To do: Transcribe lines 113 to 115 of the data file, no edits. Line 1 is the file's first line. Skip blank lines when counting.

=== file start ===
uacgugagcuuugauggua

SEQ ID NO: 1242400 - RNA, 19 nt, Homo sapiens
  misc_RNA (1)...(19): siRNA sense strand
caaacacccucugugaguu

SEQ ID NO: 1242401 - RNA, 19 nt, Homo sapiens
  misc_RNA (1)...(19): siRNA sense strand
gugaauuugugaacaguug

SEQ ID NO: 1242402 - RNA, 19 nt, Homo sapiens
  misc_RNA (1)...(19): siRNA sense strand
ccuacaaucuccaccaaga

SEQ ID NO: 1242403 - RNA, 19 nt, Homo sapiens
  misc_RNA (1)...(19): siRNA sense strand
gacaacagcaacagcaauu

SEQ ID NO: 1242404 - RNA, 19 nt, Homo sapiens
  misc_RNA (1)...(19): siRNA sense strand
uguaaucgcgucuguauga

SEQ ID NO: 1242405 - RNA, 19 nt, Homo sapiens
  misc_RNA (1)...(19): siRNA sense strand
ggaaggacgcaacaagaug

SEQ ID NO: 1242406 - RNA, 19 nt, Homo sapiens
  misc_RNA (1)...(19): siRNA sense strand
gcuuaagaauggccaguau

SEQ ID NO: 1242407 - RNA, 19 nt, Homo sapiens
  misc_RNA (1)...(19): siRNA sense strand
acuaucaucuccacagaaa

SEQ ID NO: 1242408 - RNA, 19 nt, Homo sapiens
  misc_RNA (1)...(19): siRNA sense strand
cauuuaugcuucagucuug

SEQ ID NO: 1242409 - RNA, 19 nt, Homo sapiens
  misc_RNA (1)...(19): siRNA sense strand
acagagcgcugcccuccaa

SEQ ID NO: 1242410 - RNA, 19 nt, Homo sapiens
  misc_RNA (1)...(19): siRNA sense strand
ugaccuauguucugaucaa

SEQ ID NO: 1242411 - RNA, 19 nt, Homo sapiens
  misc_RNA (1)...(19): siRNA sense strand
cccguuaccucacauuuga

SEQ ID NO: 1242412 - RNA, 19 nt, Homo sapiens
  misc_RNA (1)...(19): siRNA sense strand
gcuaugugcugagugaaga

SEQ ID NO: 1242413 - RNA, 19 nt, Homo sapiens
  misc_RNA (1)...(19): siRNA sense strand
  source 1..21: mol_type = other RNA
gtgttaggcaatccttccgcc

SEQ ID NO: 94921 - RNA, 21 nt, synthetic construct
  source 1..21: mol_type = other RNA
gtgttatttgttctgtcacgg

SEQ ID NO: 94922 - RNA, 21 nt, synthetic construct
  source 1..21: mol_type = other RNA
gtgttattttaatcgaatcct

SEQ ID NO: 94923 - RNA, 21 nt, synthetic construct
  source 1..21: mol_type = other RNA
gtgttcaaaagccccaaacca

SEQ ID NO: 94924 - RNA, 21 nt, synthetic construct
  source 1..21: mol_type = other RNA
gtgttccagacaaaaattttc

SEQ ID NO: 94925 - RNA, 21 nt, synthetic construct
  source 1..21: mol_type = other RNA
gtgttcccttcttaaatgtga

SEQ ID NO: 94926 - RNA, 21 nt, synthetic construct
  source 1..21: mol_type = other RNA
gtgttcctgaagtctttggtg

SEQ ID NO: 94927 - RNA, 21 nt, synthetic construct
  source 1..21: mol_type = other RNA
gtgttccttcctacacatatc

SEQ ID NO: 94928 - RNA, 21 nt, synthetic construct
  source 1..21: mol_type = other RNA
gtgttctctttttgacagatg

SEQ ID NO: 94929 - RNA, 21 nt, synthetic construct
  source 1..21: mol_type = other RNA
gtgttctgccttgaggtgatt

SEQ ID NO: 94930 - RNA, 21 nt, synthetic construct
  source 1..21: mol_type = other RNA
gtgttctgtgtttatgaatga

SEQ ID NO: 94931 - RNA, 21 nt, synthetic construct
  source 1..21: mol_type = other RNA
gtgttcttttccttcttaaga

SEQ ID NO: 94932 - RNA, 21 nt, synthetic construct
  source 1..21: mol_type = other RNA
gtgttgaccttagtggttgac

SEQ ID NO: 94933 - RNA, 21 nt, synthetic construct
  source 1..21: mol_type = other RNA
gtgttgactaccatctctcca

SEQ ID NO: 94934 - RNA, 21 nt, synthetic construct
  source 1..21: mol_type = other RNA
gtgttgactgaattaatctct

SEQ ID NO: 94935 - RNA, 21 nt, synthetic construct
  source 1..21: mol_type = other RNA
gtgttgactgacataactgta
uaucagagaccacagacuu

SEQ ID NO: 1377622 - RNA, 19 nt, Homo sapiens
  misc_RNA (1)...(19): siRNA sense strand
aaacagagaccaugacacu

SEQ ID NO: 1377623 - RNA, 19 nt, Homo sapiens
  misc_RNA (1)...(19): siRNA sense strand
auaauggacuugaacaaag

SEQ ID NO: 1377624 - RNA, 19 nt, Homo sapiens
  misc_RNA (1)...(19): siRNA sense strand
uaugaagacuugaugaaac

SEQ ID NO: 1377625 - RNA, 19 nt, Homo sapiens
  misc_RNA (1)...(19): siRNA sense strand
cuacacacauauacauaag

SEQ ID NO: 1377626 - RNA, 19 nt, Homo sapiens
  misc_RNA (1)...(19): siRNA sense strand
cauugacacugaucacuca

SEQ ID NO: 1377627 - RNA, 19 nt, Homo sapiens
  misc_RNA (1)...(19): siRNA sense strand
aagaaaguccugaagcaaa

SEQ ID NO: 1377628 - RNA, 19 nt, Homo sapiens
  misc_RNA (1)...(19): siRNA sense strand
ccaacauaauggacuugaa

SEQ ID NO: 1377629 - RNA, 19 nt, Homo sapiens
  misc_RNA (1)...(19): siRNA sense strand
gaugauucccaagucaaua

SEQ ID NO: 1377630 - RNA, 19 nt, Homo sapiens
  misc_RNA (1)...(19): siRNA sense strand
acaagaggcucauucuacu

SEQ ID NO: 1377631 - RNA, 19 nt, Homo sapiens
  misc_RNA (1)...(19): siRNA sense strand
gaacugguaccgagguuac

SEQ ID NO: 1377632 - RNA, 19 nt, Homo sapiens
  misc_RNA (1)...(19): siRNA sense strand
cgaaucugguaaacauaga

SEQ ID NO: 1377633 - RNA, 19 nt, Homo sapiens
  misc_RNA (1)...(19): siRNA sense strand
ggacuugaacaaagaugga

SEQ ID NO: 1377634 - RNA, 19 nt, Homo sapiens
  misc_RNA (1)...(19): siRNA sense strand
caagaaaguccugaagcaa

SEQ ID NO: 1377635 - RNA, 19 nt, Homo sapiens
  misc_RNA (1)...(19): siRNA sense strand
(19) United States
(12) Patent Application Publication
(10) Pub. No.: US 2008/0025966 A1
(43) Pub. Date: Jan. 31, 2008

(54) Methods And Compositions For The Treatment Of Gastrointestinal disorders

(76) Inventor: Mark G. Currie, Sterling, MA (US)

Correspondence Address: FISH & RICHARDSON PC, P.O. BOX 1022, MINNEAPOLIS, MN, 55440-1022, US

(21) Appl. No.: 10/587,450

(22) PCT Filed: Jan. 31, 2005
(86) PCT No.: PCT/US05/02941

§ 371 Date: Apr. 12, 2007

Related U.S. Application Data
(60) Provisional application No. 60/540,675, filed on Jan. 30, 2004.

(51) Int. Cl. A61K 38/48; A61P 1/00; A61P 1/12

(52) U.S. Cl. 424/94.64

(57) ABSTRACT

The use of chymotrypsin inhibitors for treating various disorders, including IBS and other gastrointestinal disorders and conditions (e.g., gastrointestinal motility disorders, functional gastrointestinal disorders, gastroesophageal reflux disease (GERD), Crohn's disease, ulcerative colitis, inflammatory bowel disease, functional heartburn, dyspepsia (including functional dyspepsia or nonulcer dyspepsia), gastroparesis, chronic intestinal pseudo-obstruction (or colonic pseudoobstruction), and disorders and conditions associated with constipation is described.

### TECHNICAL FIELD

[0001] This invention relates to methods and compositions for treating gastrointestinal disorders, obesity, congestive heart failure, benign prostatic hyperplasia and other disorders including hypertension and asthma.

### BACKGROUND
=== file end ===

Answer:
  misc_RNA (1)...(19): siRNA sense strand
gaugauucccaagucaaua

SEQ ID NO: 1377630 - RNA, 19 nt, Homo sapiens